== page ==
Essays on venture capital directors’ demographics, firm innovation and the economic impacts of technology disputes evidence from China

Student thesis: PhD Thesis

Abstract

In the context of the global trend toward a knowledge economy, the Chinese government has undertaken massive entrepreneurial initiatives to transform its innovation ecosystem and achieve sustainable growth through technological catch-up (Lee, 2021). Building upon the existing literature that examines the precise drivers for corporate innovation (e.g., Lerner et al., 2011), this thesis investigates the influence of VC directors’ characteristics and demographics on innovation and, more importantly, uncovers the underlying mechanisms through which VC directors exert their influence. The final study examines Chinese firms’ stock price responses to the investigations of the alleged infringement of American IPRs, i.e., Section 337 investigations, by the U.S. International Trade Commission (USITC) in its import trade.
This research uses panel data of A-share manufacturing firms in China from 2005–2019. We obtain data from various commercial and public sources, including the China Stock Market & Accounting Research (CSMAR), PEdata, Wind and incoPat database, and official financial websites. To mitigate endogeneity and establish causality, we employ propensity score matching (PSM) instrumental variable (IV) methodology, event study approach and difference-in-differences (DID) technique, providing conforming evidence that supports our hypothesis.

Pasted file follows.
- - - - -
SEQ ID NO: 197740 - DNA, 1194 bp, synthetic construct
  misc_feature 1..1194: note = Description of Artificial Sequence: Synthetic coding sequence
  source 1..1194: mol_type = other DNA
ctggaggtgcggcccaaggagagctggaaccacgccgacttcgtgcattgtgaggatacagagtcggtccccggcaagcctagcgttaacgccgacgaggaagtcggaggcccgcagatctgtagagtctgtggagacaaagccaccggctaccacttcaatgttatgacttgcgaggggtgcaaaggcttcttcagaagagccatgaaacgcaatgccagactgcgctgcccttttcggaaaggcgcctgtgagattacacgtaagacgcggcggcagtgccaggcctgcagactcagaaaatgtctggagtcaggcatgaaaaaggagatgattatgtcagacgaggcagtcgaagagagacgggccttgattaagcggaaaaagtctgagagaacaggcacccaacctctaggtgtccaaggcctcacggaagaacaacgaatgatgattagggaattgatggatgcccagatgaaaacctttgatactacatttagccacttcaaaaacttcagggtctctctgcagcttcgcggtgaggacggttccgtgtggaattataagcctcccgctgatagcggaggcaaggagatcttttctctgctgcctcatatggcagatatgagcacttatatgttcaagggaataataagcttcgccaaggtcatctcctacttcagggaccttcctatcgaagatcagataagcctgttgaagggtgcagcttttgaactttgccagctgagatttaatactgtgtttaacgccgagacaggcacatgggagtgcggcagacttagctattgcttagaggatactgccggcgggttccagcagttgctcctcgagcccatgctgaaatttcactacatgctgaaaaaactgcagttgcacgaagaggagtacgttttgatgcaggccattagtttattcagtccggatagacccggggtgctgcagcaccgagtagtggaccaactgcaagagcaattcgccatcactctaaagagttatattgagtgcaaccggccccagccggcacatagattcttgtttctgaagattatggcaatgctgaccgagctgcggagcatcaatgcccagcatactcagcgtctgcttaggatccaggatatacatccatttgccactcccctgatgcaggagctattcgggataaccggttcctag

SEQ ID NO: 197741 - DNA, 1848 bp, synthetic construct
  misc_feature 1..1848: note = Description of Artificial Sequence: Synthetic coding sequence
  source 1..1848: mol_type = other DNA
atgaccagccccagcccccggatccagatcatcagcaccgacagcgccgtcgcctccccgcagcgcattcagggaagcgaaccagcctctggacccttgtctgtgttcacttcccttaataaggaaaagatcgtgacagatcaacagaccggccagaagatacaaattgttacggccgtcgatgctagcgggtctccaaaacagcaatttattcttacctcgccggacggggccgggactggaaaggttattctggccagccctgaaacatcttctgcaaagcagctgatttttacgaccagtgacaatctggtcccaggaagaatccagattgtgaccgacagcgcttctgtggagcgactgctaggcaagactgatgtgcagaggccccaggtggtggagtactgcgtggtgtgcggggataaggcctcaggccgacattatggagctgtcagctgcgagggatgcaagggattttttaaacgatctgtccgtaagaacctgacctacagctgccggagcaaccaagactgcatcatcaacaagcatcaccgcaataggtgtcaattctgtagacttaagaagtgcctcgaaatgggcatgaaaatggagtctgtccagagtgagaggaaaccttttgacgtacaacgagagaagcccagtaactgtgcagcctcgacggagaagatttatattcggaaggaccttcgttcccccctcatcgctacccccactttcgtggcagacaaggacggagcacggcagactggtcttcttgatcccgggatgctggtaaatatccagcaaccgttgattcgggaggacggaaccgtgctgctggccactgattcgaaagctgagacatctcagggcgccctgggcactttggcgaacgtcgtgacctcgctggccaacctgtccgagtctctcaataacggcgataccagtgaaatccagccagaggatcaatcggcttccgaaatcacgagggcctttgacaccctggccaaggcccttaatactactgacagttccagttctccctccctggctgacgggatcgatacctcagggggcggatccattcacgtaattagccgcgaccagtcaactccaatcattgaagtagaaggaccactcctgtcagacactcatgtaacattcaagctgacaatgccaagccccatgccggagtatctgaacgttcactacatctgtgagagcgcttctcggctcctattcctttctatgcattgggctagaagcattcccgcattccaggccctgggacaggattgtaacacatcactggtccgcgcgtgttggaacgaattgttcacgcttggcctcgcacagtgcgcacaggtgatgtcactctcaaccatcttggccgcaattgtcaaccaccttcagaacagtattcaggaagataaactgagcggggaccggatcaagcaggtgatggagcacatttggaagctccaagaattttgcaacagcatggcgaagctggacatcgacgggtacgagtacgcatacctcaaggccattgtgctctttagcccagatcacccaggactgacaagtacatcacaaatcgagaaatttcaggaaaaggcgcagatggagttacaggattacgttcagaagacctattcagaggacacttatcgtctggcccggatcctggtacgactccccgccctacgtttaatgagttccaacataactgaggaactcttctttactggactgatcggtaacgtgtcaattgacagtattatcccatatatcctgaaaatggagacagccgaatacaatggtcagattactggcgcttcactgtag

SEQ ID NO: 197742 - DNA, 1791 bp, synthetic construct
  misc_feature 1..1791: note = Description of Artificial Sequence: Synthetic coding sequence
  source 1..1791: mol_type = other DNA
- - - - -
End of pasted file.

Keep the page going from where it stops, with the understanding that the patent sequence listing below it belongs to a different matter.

In Chapter Two, we find that VC board participation, especially their human and social capital derived from education, training and experience, significantly contributes to innovation in portfolio firms. The results of mechanisms tests indicate that the positive correlation between VC participation on boards and firm innovation is mediated by the reduced level of financial constraints and increased diversity of top managers.
In Chapter Three, we first identify a positive association between female VC board participation and firm innovation, implying that Chinese female VCs contribute to growing resource commitments and greater success in innovation through quality board services in portfolio firms. We then show that firms with female VC board directors exhibit a lower adverse effect of managerial myopia, capital market pressure, and product market competition on innovation activities.
In Chapter Four, our evidence suggests that while the stock market responds negatively to the announcements of Section 337 investigations in the short run, the average buy-and-hold returns (BHARs) over two and three years are positive. Tests on economic mechanisms show that firms affected by Section 337 investigations increase R&D investments and overseas sales to other countries and, thus, have a higher value in the long run.
Our results are robust to the use of alternative event windows, alternative variable definitions and methodologies.
Date of AwardNov 2022
Original languageEnglish
Awarding Institution
  • University of Nottingham
SupervisorXiuping Hua (Supervisor) & Weimin Liu (Supervisor)

Keywords

  • venture capital directors
  • female venture capitalists
  • IP protections
  • innovation
  • China
  • stock market reactions
  • 337 investigations

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